Learning from COVID-19 & Cancer

“You don’t make the timeline. The virus makes the timeline.” — Dr. Anthony Fauci

“As physicians we’re trained to be reductionists. We rigidly follow protocol. But life is not that way. Cancer is not linear–it is completely non-linear. It lives in the science of chaos. There’s no single point of control. You need to attack it in a non-linear fashion across time and space, monitoring it and truly dancing with it.” — Dr. Azra Raza

Photo: Breast Cancer Cell, Wikimedia Commons

Chaos versus control: Oh how we humans prefer control, as long as we’re the ones wielding it. Give us a little power, the illusion of control, and we’re hooked; we won’t let go. Not without a fight anyway. Even when we can’t see with our eyes the viruses upon which we wage war. The body’s own cells even have a dog in the immortality fight, good everyday cells gone rogue (i.e. cancer) in that quest for ultimate control and mastery over all that cannot be explained or understood.

Both cancer (the body turning on itself) and COVID-19 (a viral attacker we cannot see and about which we know so little) have much to teach us about the illusion of control and the gift of embracing chaos. Living with metastatic breast cancer teaches one the hard truth that control is, indeed, pure illusion. I follow the palliative chemo regimen my oncologist sets forth. I accompany that with my own herbal supplements, shakes, and a vegan diet. I’ve been without caffeine, alcohol, and have had virtually no sugar in a year and a half. I exercise, practice yoga, garden organically, and prepare whole foods meals. All of this is wonderful, and I am fortunate to have the resources and access to what it takes to maintain a healthy, vegan lifestyle. Still…all of this does not equal control over the cancer situation. It’s still there, tentatively peeking out with every crack of bone or ache of joint. Cancer and I are still learning from each other and figuring out whether we can coexist, or which one of us will give in to the other. Control, you see, is highly overrated.

Photo: Social Distancing for Common Good, Daniel Lobo, Creative Commons

Take the control issues plaguing our country in the wake of the COVID-19 pandemic. Wow! Talk about living in the midst of hot mess chaos. There’s been a whole lot of blame slinging, twitter storming, supply/distribution hiccups, chain of command confusion, and conflicting information. Makes one kind of simultaneously consider throwing in the towel and curling up in a fetal position or digging in to your particular version of “right” and spend precious time pointing, posting, and screaming at others in your righteous hissy fit of indignation. Control comes with a high price tag and suspect warranty. Buyers beware: Maintaining an illusion of control may cost you your life or other minor inconveniences.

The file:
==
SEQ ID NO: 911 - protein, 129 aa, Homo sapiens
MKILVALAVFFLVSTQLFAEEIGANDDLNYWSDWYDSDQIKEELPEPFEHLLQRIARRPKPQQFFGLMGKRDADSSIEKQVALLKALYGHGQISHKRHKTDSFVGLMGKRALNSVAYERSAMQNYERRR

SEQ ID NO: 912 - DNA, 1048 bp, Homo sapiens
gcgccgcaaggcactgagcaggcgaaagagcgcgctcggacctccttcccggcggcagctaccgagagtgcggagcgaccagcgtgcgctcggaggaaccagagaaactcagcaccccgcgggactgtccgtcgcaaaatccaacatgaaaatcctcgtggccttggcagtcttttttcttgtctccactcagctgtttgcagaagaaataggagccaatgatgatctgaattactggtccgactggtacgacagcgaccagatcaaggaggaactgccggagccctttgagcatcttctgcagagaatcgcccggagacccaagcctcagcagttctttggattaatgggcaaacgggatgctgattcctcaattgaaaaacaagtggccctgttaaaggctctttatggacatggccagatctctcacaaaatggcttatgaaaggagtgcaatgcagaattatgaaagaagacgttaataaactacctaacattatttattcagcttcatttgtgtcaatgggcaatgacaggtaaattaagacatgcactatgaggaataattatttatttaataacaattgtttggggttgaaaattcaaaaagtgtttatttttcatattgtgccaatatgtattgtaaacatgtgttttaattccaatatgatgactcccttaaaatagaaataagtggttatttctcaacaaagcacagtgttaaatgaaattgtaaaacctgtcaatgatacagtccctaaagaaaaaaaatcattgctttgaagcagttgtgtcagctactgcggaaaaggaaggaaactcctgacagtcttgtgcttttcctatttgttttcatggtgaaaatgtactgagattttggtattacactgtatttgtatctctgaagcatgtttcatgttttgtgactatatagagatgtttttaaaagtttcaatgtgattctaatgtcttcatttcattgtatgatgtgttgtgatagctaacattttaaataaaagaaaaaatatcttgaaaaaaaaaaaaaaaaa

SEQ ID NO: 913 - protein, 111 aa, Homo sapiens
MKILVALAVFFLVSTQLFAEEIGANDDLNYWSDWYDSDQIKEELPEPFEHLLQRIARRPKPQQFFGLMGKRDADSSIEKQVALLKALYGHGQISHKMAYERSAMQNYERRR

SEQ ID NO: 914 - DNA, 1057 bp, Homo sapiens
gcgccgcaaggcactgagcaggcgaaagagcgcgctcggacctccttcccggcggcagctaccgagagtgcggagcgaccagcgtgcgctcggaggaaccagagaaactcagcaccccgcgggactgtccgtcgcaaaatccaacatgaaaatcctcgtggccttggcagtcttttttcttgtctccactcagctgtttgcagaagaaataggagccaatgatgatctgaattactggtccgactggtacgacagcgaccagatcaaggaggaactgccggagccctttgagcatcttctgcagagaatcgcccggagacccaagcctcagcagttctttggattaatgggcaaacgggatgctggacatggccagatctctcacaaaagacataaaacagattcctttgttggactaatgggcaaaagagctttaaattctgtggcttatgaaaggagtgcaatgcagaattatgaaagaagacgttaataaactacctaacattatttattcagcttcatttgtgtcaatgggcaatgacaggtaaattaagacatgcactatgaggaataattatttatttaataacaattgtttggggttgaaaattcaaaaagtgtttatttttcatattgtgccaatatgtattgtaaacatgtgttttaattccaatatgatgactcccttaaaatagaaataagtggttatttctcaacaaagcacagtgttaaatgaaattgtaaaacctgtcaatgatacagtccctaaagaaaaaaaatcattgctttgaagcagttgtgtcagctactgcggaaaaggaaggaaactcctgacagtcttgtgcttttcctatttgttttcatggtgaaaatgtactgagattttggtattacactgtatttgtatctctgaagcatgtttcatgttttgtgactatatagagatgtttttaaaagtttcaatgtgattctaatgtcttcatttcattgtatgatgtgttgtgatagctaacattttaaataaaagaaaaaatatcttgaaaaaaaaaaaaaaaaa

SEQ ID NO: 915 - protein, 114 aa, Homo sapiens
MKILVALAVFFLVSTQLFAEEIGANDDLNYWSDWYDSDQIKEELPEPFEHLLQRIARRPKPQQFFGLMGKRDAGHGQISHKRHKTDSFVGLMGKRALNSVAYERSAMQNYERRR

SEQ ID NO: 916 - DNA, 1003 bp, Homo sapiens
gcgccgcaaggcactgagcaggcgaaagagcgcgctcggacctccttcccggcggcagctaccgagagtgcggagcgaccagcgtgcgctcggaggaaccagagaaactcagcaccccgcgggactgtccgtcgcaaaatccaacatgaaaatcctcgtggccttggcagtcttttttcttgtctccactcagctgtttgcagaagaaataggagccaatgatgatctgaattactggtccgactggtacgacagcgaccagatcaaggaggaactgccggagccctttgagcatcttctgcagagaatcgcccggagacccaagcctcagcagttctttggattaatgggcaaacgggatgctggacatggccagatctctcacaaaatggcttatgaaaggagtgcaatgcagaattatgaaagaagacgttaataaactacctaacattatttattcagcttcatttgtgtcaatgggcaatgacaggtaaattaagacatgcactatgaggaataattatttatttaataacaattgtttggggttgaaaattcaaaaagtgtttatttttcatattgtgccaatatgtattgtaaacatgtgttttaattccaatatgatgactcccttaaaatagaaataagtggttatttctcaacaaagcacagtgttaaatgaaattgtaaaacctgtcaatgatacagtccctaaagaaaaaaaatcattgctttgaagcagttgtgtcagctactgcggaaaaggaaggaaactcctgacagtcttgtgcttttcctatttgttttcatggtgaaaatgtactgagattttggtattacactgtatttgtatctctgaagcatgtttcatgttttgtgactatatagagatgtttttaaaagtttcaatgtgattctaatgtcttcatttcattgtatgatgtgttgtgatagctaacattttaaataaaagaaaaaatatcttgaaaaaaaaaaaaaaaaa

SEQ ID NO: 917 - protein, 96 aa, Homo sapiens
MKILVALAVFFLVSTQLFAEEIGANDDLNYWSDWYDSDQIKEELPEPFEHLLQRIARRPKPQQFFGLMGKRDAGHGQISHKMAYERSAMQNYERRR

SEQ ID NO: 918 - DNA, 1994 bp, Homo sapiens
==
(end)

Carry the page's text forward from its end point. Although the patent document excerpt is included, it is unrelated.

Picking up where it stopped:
Most of us now have firsthand experience with loss of the illusion of control. Many people were only one paycheck away from financial destruction; they now sit in the rubble of despair. Others had to continue to work in front line health care, essential services, or public safety jobs. Still others suddenly found themselves without work, installed as teaching assistants for homebound students, and wondering where next week’s groceries are going to come from. There is no time or energy to put up an illusion of control when the new normal is anything but normal. Let’s all step back and take a deep breath. Forget the FOMO. Stop and smell the world burst forth in a riot of greens, reds, yellows, purples, and fuschia. Yes, smell the colors. Think outside the dualistic and limiting boxes of the past. Live the now and savor it. Live it and love lavishly every atom and molecule, every person you meet. Live and love the very source of love, the Creator of all things. Let go and live.

My body’s own rogue cells, the ones feasting on my skeleton and chipping away at the foundation, taught me a hard lesson: I have no choice now in letting go. I can do everything right–and I should respect my body and life enough to try–yet the cancer may very well outpace any human efforts. I can truly let go, give up all that does not truly matter, and experience the same level of disease progression. Or, I could be one of the ones for whom spontaneous regression and/or radical remission are more than hopeful words. Perhaps none of us really has as much choice as we think we do. Anything can happen. All we are promised is the now. Wouldn’t it be a pity to waste the one thing we really do have while scheming for an uncertain or unmanageable future?